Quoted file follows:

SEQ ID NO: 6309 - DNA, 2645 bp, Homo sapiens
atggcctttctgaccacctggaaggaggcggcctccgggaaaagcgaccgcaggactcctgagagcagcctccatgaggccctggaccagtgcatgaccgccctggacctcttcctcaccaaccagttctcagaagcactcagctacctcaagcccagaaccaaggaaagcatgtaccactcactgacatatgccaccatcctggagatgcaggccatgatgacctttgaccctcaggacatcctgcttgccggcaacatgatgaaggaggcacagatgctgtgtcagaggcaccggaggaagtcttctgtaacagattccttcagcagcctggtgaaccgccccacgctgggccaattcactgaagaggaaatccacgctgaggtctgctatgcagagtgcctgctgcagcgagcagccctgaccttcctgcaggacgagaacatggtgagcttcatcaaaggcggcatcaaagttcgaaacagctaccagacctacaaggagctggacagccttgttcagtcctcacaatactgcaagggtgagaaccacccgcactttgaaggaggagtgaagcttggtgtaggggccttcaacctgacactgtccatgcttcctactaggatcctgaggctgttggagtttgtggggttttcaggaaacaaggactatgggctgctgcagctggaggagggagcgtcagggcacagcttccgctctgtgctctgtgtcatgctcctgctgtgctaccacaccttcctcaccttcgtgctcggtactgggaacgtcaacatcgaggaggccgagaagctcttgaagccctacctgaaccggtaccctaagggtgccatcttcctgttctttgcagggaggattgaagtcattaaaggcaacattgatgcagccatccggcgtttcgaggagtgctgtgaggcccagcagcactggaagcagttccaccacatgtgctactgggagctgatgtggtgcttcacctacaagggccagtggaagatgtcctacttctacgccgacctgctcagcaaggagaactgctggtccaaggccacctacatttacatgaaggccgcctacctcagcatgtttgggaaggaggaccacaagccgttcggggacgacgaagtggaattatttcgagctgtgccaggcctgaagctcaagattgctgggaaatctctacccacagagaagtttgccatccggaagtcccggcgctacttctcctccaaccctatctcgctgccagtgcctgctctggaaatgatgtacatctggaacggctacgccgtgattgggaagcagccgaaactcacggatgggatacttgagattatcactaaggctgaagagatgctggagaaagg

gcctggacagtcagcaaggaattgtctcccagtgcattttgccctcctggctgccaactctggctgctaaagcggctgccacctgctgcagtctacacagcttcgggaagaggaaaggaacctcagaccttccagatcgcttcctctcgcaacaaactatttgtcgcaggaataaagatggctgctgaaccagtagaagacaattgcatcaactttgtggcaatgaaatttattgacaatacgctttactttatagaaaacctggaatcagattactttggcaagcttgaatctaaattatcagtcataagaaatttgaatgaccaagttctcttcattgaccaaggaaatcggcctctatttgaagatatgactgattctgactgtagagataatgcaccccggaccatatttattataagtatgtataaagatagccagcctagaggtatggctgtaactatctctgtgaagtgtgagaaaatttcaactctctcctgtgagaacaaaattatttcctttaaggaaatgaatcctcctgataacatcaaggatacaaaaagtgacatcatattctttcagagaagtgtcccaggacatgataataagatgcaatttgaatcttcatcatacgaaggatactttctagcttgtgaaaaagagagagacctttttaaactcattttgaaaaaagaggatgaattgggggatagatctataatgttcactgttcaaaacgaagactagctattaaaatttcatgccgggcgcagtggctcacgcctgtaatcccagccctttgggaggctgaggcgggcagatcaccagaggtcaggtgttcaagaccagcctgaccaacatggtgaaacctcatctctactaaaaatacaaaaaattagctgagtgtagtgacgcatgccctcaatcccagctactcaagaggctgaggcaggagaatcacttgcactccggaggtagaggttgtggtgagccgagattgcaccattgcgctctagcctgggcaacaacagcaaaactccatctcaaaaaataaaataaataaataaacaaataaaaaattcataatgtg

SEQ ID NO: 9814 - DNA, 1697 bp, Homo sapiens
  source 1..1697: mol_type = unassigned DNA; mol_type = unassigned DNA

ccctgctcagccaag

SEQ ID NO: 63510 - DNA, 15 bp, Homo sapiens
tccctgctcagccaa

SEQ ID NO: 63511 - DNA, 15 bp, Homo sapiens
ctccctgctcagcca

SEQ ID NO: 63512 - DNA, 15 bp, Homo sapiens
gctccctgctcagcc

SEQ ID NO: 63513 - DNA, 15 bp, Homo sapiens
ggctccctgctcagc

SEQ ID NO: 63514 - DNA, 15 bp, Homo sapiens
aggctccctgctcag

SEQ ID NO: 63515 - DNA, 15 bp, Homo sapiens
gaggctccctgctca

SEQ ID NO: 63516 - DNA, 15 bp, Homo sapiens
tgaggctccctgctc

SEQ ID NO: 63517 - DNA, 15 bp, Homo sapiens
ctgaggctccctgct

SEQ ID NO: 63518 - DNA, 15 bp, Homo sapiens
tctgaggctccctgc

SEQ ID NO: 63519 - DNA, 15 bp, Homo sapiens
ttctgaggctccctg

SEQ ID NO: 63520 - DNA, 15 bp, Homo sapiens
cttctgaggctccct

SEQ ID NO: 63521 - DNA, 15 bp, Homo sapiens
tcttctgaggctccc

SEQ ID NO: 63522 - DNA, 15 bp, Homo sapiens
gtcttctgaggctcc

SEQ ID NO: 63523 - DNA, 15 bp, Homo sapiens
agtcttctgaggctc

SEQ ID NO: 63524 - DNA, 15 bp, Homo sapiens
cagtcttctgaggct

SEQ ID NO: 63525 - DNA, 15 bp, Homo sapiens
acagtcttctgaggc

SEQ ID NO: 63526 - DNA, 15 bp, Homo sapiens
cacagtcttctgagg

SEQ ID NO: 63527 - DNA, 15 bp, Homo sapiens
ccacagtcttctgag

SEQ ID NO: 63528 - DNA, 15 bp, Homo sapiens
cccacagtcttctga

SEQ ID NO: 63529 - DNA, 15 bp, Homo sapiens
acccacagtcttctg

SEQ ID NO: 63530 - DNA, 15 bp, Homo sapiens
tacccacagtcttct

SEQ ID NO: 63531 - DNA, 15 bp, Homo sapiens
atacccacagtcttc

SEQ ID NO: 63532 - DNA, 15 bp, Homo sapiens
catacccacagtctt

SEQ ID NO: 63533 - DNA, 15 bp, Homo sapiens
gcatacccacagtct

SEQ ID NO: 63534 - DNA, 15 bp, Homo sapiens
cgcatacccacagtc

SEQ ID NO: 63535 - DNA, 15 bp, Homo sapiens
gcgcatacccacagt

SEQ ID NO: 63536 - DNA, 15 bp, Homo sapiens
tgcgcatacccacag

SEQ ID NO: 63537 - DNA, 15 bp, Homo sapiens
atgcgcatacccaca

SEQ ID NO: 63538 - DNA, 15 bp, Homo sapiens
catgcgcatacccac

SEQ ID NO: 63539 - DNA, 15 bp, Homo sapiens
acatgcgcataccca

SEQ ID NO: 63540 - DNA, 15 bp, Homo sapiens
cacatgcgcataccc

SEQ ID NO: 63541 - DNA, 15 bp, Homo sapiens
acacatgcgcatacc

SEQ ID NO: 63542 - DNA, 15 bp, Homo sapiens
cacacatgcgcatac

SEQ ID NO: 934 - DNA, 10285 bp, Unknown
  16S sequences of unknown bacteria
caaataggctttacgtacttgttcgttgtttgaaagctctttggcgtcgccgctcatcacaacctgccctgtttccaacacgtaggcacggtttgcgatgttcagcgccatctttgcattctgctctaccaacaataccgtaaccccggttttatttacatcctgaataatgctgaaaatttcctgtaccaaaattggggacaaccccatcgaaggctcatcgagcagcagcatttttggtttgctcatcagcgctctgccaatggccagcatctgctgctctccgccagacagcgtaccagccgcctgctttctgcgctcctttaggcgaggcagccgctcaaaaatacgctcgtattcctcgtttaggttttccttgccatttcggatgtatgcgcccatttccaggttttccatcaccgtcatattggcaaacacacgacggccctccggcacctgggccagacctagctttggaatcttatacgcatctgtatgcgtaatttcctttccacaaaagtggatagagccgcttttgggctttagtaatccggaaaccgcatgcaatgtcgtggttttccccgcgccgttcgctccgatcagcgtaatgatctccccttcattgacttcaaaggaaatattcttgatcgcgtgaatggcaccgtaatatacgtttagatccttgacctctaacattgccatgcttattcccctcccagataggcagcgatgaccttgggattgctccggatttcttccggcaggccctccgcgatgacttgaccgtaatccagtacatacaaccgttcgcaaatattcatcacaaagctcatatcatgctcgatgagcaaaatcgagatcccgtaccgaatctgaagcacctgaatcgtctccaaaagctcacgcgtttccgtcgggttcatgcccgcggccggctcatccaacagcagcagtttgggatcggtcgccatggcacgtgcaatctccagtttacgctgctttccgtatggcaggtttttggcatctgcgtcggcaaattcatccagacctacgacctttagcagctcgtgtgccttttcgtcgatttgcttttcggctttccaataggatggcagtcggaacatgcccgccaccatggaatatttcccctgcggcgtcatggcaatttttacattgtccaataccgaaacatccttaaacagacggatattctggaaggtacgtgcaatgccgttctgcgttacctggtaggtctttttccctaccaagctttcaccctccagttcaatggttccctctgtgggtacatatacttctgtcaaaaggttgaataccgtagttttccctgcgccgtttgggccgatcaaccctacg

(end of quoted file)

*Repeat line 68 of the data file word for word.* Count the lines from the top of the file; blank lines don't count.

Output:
cacatgcgcataccc